Though I agree with President Reagan's determination to "get the government off our backs," there is a danger that the deregulation effort may go too far. There are federal regulatory agencies that serve a vital purpose.
One such agency is -- or should be -- the Food and Drug Administration. It is supposed to make absolutely certain that products offered for sale are safe to consume, with no unknown harmful side effects. In the case of drugs, the FDA is also supposed to determine whether a new product will actually do what its manufacturer claims it will.
The trouble with the FDA is that, like all too many other federal watchdogs, it often acts more like the pet poodle of the industry it is supposed to be protecting the public from. A disturbing example of this relationship involves the controversial drug Bendectin, an anti-nausea medication prescribed for millions of pregnant women each year.
In past columns, I exposed the faulty process that led to Bendectin's approval in 1956. Internal documents revealed that the drug's manufacturer, Merrell Laboratories (now Merrell Dow Pharmaceuticals), barely tested the drug for safety and withheld damaging information about the drug's effects from the FDA and the public.
Merrell is being sued by several women who took Bendectin during pregnancy and subsequently gave birth to severly deformed babies. Even the drug's creator, Merrell's research director, Dr. Raymond Pogge, testified at one point that he will not prescribe it for his own patients.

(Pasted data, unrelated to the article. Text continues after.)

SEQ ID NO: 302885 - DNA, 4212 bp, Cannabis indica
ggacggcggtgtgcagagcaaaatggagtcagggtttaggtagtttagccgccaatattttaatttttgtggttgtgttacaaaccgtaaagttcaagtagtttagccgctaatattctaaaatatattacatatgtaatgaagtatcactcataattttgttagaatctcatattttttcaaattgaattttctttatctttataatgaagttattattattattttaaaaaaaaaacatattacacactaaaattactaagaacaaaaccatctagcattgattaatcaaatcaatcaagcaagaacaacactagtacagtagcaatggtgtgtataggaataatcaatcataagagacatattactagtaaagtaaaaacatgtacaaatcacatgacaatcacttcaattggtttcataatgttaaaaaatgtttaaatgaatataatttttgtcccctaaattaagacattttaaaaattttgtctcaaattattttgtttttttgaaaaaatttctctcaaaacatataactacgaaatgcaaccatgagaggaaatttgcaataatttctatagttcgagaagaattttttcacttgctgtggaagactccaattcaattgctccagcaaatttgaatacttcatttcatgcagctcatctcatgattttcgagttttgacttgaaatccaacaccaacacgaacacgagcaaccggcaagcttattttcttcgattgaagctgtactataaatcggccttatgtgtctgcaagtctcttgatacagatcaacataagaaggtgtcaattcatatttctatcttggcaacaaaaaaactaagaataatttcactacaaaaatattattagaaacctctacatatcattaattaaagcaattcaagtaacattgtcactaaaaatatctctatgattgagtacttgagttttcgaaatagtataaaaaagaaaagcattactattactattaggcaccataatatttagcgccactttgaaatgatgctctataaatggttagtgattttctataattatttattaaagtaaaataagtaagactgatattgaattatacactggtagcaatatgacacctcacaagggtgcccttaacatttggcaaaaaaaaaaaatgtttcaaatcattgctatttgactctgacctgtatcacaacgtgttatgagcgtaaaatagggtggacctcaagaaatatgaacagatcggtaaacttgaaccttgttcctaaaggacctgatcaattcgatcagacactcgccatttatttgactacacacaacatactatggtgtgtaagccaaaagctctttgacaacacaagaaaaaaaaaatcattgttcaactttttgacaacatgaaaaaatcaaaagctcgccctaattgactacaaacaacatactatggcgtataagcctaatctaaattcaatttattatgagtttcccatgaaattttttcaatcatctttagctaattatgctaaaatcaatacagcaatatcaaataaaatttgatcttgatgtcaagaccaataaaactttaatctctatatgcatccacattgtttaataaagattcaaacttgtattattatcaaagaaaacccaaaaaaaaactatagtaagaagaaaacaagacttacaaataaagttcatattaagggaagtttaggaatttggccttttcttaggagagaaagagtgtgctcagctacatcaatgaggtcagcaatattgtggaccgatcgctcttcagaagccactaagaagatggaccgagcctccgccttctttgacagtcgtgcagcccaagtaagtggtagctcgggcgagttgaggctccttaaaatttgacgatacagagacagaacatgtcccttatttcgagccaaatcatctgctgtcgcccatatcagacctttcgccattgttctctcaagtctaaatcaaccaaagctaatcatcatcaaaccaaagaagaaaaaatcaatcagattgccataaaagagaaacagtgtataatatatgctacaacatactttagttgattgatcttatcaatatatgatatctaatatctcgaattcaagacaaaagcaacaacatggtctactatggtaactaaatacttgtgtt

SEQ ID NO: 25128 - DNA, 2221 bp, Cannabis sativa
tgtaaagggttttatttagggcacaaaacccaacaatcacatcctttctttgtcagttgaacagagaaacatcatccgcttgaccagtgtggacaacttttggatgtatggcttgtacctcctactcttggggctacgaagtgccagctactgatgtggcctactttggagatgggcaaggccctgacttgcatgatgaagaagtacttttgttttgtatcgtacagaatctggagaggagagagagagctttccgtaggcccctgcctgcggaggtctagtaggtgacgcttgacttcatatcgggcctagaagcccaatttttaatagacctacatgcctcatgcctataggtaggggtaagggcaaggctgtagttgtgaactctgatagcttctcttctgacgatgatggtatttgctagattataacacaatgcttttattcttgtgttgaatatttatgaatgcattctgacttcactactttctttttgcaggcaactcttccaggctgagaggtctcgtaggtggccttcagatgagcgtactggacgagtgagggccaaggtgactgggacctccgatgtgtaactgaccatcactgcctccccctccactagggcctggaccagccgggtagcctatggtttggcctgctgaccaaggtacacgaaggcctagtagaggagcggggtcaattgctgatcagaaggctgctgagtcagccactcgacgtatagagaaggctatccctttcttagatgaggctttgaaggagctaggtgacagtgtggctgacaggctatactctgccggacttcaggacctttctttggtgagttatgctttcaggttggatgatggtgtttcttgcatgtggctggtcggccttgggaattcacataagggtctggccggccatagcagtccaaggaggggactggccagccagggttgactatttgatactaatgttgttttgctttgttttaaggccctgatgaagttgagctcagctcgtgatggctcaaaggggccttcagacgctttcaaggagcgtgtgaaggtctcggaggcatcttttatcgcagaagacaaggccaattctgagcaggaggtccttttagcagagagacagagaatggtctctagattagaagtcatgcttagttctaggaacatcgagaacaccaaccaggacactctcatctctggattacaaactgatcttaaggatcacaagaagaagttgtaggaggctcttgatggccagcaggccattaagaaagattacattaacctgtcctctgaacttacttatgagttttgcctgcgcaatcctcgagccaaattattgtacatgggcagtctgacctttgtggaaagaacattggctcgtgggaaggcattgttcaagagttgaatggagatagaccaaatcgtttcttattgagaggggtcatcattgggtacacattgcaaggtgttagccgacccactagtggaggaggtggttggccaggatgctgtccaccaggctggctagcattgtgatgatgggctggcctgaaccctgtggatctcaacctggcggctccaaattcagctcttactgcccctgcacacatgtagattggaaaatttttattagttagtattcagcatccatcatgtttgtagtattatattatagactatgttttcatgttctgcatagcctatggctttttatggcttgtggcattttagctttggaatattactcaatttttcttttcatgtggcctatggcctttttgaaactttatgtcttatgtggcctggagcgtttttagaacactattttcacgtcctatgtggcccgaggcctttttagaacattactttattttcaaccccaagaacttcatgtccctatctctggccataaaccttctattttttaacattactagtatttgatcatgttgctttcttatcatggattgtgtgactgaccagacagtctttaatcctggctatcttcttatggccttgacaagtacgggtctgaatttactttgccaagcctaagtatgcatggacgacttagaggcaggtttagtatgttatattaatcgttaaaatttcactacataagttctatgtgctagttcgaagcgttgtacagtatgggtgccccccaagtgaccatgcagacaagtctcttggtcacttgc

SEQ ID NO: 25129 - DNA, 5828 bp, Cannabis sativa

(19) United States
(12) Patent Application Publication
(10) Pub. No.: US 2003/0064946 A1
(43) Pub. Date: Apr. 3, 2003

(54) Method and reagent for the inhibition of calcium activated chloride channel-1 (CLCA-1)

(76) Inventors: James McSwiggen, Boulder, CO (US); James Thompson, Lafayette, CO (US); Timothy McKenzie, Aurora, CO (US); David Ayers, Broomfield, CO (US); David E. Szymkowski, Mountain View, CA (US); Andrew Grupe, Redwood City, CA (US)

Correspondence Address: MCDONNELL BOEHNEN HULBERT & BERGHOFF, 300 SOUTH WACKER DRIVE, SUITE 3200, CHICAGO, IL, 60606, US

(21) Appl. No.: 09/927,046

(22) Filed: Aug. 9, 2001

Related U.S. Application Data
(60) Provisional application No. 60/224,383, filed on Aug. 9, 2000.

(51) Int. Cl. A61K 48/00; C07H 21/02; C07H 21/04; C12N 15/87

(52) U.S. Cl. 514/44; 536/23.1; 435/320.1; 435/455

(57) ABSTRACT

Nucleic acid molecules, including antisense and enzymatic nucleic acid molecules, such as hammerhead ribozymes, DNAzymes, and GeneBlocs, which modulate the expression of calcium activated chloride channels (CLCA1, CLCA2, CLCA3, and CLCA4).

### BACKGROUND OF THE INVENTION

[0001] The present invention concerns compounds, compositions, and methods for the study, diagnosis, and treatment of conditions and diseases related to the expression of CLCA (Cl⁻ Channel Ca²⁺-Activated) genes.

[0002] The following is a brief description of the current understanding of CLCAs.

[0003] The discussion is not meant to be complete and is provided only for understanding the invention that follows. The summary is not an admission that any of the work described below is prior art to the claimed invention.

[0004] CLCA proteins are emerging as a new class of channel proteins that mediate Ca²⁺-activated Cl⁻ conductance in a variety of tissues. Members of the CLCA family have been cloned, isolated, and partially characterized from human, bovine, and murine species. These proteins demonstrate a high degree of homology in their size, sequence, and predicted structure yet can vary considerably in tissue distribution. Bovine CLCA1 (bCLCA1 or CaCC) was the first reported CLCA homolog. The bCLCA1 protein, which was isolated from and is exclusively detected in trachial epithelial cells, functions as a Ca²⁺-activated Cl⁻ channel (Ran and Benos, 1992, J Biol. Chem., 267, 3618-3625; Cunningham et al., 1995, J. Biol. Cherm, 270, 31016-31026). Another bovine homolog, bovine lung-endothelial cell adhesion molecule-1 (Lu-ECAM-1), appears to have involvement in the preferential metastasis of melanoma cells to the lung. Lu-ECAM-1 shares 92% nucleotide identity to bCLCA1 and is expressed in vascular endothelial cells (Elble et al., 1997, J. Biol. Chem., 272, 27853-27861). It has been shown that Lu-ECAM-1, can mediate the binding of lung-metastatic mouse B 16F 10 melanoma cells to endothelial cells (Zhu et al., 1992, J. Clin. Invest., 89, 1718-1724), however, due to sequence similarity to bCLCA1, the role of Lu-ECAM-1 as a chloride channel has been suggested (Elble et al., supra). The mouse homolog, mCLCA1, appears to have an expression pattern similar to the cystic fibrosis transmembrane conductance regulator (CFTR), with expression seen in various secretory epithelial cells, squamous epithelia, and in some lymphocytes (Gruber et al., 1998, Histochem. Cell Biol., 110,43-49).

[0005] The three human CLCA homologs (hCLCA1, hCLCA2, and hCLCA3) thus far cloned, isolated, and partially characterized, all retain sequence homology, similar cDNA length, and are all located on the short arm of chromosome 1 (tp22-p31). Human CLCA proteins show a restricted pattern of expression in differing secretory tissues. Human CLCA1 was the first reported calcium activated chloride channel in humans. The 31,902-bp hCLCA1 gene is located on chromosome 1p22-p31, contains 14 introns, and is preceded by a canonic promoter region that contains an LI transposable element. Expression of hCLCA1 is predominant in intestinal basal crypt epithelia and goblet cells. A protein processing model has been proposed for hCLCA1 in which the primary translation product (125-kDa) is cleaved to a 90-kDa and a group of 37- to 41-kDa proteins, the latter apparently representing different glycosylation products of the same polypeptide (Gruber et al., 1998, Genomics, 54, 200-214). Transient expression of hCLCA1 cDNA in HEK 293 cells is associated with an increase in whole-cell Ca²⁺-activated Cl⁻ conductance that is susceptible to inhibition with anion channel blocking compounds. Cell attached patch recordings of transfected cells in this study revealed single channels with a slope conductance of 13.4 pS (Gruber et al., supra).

Now my reporters Indy Badhwar and Judy Grande have obtained additional Merrell documents. These show that when word got around FDA that the formidable Mike Wallace was preparing to ask agency officials some tough questions about the drug, Marion Finkel, associate director for new drug evaluation, asked Merrell for a briefing on Bendectin's safety. I have obtained copies of handwritten notes of the meeting made by a company official.
The notes show that Findel and her assistant, Jack Purvis, met with Merrell's vice president and general counsel, Fred Lamb, and the company's medical research director, Dorsey Holtkamp. They discussed ways to give Bendectin a defense in the face of Wallace's expected assault.
According to the notes, the government and company officials rambled at length through the history of the drug, the studies that had been done, the number of reported birth defects in Merrell and FDA files and the lawsuits filed against the company. The handwritten notes are larded with references to the dreaded "60 Minutes" investigation.
Soon after the meeting, FDA issued a four-page public statement on Bendectin in response to inquiries. A comparison of the FDA statement with the notes of the secret Merrell-FDA meeting shows that the statement reflects the discussion that took place that day in April 1977.
The FDA statement, for example, supports Merrell's position -- based on studies mentioned in the meeting -- that birth defects occur less frequently among Bendectin users than among the general population.
This claim, which is vehemently disputed by many experts, is based primarily on a study of 2,000 infants whose mothers had taken Bendectin during their pregnancies. What is shocking is that the FDA cited this study as an accurate safety evaluator even though it was aware -- and in fact admitted in its statement -- that the study was riddled with "methodological defects."
In addition, a few years after the drug was approved, it was listed in the Federal Register as "possibly effective." This designation cost Merrell substantial sales to government agencies, which are forbidden by law to buy drugs that are only "possible effective." This meant a big loss for Merrell.
The company complained to the same Marion Finkel at FDA, and Bendectin's designation was changed to "probably effective" a label that allowed government agencies to buy it.
Footnote: Finkel refused to accept calls from my office even when informed that she was directly involved. Both FDA and Merrell officials denied any collusion, and the company insisted that Bendectin is safe. It is still on the market. Incidentally, the "60 Minutes" segment on Bendectin never aired.